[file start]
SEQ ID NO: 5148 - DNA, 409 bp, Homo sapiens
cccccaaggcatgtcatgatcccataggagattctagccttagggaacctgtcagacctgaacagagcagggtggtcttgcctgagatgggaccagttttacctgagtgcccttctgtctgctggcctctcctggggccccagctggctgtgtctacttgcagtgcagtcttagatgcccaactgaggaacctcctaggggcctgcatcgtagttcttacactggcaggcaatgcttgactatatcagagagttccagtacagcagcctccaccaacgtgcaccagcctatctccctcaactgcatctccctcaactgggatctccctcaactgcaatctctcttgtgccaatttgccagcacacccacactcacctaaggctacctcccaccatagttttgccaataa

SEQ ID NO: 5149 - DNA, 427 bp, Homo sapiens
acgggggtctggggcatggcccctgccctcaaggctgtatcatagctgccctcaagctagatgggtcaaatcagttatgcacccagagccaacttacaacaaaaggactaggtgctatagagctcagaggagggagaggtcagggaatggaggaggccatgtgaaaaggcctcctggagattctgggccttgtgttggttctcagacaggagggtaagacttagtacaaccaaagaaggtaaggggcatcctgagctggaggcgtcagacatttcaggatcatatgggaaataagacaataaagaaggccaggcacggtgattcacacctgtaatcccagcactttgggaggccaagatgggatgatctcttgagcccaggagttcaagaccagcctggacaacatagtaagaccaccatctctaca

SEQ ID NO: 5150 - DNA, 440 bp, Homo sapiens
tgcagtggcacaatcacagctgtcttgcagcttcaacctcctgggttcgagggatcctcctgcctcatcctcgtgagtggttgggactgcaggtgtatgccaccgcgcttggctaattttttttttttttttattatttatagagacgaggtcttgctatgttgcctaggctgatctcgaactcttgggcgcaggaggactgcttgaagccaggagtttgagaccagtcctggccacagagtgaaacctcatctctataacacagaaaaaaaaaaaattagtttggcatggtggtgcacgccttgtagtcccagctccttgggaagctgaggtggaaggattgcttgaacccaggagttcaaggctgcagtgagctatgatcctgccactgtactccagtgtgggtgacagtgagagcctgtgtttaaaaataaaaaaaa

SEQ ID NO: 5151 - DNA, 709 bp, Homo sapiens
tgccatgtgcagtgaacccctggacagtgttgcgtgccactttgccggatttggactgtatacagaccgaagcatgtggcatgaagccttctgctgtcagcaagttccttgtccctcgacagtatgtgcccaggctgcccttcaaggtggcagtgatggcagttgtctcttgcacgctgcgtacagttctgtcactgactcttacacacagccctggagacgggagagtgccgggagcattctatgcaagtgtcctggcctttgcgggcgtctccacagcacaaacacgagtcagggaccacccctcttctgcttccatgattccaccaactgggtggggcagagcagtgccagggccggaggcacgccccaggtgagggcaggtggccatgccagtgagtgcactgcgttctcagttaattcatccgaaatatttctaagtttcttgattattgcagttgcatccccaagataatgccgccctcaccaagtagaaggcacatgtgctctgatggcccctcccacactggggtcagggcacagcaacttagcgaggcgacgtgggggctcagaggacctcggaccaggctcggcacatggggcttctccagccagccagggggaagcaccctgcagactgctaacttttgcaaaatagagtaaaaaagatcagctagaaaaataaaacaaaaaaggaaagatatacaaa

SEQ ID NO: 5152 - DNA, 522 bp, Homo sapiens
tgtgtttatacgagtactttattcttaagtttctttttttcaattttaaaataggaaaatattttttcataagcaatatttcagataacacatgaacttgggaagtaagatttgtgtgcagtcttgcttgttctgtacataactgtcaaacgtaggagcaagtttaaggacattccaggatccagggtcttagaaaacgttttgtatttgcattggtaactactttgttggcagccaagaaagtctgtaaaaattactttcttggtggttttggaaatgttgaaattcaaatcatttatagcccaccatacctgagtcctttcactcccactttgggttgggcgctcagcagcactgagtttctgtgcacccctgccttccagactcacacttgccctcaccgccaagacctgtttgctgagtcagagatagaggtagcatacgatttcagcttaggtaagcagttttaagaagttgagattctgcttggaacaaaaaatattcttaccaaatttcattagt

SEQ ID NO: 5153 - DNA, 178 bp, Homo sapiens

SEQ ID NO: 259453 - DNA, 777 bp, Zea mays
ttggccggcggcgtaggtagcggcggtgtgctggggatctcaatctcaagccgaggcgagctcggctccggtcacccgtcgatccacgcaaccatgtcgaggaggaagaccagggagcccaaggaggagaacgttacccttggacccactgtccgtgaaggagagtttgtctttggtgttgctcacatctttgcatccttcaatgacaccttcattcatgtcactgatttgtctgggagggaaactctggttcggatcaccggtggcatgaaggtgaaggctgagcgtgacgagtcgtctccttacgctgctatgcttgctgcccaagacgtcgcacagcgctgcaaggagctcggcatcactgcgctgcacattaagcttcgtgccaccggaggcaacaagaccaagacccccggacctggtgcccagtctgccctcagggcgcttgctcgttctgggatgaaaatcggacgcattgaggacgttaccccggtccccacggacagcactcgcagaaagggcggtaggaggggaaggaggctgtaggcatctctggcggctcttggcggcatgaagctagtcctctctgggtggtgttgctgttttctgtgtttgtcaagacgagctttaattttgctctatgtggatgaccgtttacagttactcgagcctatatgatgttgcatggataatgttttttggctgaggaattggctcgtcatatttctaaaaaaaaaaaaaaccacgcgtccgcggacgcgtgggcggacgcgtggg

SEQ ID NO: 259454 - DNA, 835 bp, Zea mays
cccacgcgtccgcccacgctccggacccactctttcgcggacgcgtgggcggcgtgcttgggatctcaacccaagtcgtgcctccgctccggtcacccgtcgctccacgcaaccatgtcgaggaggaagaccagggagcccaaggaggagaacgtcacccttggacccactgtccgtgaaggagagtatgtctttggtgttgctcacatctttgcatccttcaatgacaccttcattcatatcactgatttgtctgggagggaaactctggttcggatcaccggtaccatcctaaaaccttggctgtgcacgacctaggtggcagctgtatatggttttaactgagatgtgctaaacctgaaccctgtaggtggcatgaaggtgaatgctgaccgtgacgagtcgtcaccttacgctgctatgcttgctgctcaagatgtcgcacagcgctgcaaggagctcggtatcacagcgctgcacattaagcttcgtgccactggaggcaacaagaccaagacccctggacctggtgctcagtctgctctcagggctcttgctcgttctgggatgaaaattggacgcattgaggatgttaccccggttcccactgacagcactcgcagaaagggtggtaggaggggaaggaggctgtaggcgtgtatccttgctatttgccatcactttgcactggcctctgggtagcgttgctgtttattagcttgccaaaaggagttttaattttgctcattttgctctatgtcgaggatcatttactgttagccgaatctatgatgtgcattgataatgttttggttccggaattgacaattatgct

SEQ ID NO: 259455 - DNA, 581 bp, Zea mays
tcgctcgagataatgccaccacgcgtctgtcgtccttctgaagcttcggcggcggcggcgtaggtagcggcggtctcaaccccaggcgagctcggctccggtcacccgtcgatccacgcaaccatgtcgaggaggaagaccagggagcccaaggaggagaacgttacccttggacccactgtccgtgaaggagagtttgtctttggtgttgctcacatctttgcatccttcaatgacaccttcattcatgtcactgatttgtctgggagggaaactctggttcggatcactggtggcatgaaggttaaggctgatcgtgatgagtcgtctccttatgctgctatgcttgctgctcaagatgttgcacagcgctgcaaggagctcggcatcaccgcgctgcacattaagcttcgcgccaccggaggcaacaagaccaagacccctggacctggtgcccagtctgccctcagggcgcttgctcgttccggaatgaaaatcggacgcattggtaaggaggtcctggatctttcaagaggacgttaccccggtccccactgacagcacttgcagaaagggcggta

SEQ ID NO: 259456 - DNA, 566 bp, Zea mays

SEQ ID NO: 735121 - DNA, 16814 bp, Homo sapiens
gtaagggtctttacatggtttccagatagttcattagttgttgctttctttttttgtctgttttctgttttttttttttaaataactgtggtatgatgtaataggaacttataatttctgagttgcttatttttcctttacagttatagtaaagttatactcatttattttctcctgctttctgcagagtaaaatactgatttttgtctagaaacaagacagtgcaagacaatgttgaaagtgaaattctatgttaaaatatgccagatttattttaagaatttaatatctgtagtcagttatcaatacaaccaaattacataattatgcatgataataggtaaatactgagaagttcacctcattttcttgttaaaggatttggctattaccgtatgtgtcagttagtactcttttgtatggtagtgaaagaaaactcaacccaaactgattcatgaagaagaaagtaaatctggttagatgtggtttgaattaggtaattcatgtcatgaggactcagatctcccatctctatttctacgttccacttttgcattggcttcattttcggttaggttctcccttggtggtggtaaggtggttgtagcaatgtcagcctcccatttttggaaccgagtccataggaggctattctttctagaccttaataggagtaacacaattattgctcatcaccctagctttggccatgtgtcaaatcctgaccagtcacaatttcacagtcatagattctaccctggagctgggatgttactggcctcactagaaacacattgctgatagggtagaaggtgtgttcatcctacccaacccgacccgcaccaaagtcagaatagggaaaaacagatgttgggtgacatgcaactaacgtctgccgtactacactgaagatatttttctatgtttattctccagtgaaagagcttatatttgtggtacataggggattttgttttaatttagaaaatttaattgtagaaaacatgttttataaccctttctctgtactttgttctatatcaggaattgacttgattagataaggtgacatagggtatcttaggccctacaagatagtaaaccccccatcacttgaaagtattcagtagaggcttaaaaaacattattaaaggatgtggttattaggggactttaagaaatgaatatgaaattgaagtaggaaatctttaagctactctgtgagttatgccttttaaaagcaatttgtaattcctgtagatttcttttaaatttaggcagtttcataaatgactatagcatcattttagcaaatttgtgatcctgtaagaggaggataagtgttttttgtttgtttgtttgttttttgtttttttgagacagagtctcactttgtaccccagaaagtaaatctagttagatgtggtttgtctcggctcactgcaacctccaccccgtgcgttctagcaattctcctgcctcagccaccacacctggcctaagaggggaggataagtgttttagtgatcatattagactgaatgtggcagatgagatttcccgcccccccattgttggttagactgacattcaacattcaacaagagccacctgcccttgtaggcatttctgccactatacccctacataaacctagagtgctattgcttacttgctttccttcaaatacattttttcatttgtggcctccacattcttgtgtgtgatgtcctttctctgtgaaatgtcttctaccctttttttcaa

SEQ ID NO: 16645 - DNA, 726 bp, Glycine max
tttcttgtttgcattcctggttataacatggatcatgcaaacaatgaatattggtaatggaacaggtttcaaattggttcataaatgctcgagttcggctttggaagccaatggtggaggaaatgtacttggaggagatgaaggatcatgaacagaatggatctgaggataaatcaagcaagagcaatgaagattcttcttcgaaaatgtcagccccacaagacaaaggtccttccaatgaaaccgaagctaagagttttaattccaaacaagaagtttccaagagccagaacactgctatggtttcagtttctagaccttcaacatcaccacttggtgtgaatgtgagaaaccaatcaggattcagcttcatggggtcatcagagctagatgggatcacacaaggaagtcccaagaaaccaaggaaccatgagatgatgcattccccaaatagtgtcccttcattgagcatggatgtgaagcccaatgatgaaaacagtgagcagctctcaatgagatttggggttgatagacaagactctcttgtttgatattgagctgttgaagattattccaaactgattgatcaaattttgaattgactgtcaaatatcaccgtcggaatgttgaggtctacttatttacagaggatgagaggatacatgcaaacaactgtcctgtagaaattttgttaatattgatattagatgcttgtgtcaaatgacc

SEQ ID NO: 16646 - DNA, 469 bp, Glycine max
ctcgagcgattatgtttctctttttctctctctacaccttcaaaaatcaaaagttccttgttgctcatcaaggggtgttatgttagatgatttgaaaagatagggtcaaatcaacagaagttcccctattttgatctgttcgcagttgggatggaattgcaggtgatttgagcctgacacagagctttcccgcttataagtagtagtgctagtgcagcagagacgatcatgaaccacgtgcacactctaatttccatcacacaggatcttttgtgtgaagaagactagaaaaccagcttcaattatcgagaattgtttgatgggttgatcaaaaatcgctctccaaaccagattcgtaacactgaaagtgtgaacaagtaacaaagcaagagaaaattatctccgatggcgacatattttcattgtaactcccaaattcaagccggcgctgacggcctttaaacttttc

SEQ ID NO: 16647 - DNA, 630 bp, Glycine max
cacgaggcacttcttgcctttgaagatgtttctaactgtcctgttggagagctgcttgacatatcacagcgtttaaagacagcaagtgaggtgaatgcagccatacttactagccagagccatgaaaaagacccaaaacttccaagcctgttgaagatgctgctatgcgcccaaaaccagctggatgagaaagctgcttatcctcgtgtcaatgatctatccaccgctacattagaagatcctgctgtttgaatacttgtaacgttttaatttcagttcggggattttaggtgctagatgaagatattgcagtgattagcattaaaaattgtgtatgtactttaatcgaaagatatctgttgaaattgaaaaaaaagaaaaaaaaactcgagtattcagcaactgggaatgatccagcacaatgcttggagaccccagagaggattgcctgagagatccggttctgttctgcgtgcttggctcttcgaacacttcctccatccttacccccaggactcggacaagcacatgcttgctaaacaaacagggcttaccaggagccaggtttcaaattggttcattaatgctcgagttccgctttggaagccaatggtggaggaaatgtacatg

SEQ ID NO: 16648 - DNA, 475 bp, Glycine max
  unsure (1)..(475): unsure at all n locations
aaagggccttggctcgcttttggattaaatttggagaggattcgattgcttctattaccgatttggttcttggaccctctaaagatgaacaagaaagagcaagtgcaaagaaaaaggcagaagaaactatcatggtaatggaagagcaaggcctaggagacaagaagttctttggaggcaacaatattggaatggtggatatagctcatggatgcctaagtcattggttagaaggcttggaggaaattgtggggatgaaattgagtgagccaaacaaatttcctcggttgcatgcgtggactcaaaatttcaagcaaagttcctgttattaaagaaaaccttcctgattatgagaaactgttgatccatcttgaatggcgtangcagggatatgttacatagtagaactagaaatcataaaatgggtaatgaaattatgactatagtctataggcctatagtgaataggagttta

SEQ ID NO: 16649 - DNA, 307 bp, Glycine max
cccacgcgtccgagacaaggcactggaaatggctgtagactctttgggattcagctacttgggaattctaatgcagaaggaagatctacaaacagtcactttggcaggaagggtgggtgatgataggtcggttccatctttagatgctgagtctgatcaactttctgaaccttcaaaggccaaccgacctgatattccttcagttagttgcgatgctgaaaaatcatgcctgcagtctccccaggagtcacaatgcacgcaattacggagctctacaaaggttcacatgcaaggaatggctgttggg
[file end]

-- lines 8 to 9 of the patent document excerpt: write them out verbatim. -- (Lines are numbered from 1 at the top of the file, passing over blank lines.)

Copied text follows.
tgccatgtgcagtgaacccctggacagtgttgcgtgccactttgccggatttggactgtatacagaccgaagcatgtggcatgaagccttctgctgtcagcaagttccttgtccctcgacagtatgtgcccaggctgcccttcaaggtggcagtgatggcagttgtctcttgcacgctgcgtacagttctgtcactgactcttacacacagccctggagacgggagagtgccgggagcattctatgcaagtgtcctggcctttgcgggcgtctccacagcacaaacacgagtcagggaccacccctcttctgcttccatgattccaccaactgggtggggcagagcagtgccagggccggaggcacgccccaggtgagggcaggtggccatgccagtgagtgcactgcgttctcagttaattcatccgaaatatttctaagtttcttgattattgcagttgcatccccaagataatgccgccctcaccaagtagaaggcacatgtgctctgatggcccctcccacactggggtcagggcacagcaacttagcgaggcgacgtgggggctcagaggacctcggaccaggctcggcacatggggcttctccagccagccagggggaagcaccctgcagactgctaacttttgcaaaatagagtaaaaaagatcagctagaaaaataaaacaaaaaaggaaagatatacaaa

SEQ ID NO: 5152 - DNA, 522 bp, Homo sapiens